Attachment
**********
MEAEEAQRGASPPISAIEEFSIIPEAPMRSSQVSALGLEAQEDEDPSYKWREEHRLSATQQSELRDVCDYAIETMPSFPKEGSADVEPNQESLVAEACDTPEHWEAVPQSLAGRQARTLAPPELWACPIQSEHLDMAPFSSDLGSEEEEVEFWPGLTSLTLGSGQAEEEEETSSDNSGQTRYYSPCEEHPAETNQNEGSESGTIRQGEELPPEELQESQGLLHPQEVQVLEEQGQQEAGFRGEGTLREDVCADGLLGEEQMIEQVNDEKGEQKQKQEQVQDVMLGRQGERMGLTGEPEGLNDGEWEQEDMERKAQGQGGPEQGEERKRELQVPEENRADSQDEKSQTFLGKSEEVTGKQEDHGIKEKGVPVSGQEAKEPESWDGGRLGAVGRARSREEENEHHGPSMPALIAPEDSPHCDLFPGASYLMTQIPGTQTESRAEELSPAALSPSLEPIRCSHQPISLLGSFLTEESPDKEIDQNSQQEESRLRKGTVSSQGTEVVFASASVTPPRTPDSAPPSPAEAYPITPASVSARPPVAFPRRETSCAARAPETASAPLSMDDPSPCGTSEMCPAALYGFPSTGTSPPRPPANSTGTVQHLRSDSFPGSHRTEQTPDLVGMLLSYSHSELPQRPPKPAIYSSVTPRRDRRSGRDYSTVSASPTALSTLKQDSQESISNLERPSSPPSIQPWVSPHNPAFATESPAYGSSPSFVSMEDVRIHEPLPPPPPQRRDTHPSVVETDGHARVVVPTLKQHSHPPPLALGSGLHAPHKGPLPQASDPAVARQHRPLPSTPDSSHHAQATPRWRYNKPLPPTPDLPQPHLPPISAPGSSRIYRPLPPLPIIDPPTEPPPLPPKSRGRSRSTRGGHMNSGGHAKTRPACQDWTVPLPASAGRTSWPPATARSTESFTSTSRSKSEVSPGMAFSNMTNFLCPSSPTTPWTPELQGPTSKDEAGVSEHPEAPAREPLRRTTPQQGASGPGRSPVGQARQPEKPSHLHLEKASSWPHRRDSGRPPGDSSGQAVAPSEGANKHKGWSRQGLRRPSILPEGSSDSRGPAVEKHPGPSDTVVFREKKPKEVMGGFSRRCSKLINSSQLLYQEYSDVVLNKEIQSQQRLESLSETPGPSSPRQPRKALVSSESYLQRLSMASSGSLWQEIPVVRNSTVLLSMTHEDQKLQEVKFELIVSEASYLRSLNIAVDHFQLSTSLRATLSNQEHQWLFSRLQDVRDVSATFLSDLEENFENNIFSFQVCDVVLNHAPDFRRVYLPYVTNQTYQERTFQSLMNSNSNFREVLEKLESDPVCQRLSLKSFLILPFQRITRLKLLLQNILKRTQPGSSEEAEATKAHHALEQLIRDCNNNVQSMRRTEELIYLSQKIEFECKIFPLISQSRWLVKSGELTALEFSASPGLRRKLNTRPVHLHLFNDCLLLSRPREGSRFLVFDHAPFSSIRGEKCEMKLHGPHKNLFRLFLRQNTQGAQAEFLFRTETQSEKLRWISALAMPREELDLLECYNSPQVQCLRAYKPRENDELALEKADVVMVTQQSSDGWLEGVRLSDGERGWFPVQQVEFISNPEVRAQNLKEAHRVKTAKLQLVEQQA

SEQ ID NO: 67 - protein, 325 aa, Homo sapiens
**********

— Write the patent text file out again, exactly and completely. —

MEAEEAQRGASPPISAIEEFSIIPEAPMRSSQVSALGLEAQEDEDPSYKWREEHRLSATQQSELRDVCDYAIETMPSFPKEGSADVEPNQESLVAEACDTPEHWEAVPQSLAGRQARTLAPPELWACPIQSEHLDMAPFSSDLGSEEEEVEFWPGLTSLTLGSGQAEEEEETSSDNSGQTRYYSPCEEHPAETNQNEGSESGTIRQGEELPPEELQESQGLLHPQEVQVLEEQGQQEAGFRGEGTLREDVCADGLLGEEQMIEQVNDEKGEQKQKQEQVQDVMLGRQGERMGLTGEPEGLNDGEWEQEDMERKAQGQGGPEQGEERKRELQVPEENRADSQDEKSQTFLGKSEEVTGKQEDHGIKEKGVPVSGQEAKEPESWDGGRLGAVGRARSREEENEHHGPSMPALIAPEDSPHCDLFPGASYLMTQIPGTQTESRAEELSPAALSPSLEPIRCSHQPISLLGSFLTEESPDKEIDQNSQQEESRLRKGTVSSQGTEVVFASASVTPPRTPDSAPPSPAEAYPITPASVSARPPVAFPRRETSCAARAPETASAPLSMDDPSPCGTSEMCPAALYGFPSTGTSPPRPPANSTGTVQHLRSDSFPGSHRTEQTPDLVGMLLSYSHSELPQRPPKPAIYSSVTPRRDRRSGRDYSTVSASPTALSTLKQDSQESISNLERPSSPPSIQPWVSPHNPAFATESPAYGSSPSFVSMEDVRIHEPLPPPPPQRRDTHPSVVETDGHARVVVPTLKQHSHPPPLALGSGLHAPHKGPLPQASDPAVARQHRPLPSTPDSSHHAQATPRWRYNKPLPPTPDLPQPHLPPISAPGSSRIYRPLPPLPIIDPPTEPPPLPPKSRGRSRSTRGGHMNSGGHAKTRPACQDWTVPLPASAGRTSWPPATARSTESFTSTSRSKSEVSPGMAFSNMTNFLCPSSPTTPWTPELQGPTSKDEAGVSEHPEAPAREPLRRTTPQQGASGPGRSPVGQARQPEKPSHLHLEKASSWPHRRDSGRPPGDSSGQAVAPSEGANKHKGWSRQGLRRPSILPEGSSDSRGPAVEKHPGPSDTVVFREKKPKEVMGGFSRRCSKLINSSQLLYQEYSDVVLNKEIQSQQRLESLSETPGPSSPRQPRKALVSSESYLQRLSMASSGSLWQEIPVVRNSTVLLSMTHEDQKLQEVKFELIVSEASYLRSLNIAVDHFQLSTSLRATLSNQEHQWLFSRLQDVRDVSATFLSDLEENFENNIFSFQVCDVVLNHAPDFRRVYLPYVTNQTYQERTFQSLMNSNSNFREVLEKLESDPVCQRLSLKSFLILPFQRITRLKLLLQNILKRTQPGSSEEAEATKAHHALEQLIRDCNNNVQSMRRTEELIYLSQKIEFECKIFPLISQSRWLVKSGELTALEFSASPGLRRKLNTRPVHLHLFNDCLLLSRPREGSRFLVFDHAPFSSIRGEKCEMKLHGPHKNLFRLFLRQNTQGAQAEFLFRTETQSEKLRWISALAMPREELDLLECYNSPQVQCLRAYKPRENDELALEKADVVMVTQQSSDGWLEGVRLSDGERGWFPVQQVEFISNPEVRAQNLKEAHRVKTAKLQLVEQQA

SEQ ID NO: 67 - protein, 325 aa, Homo sapiens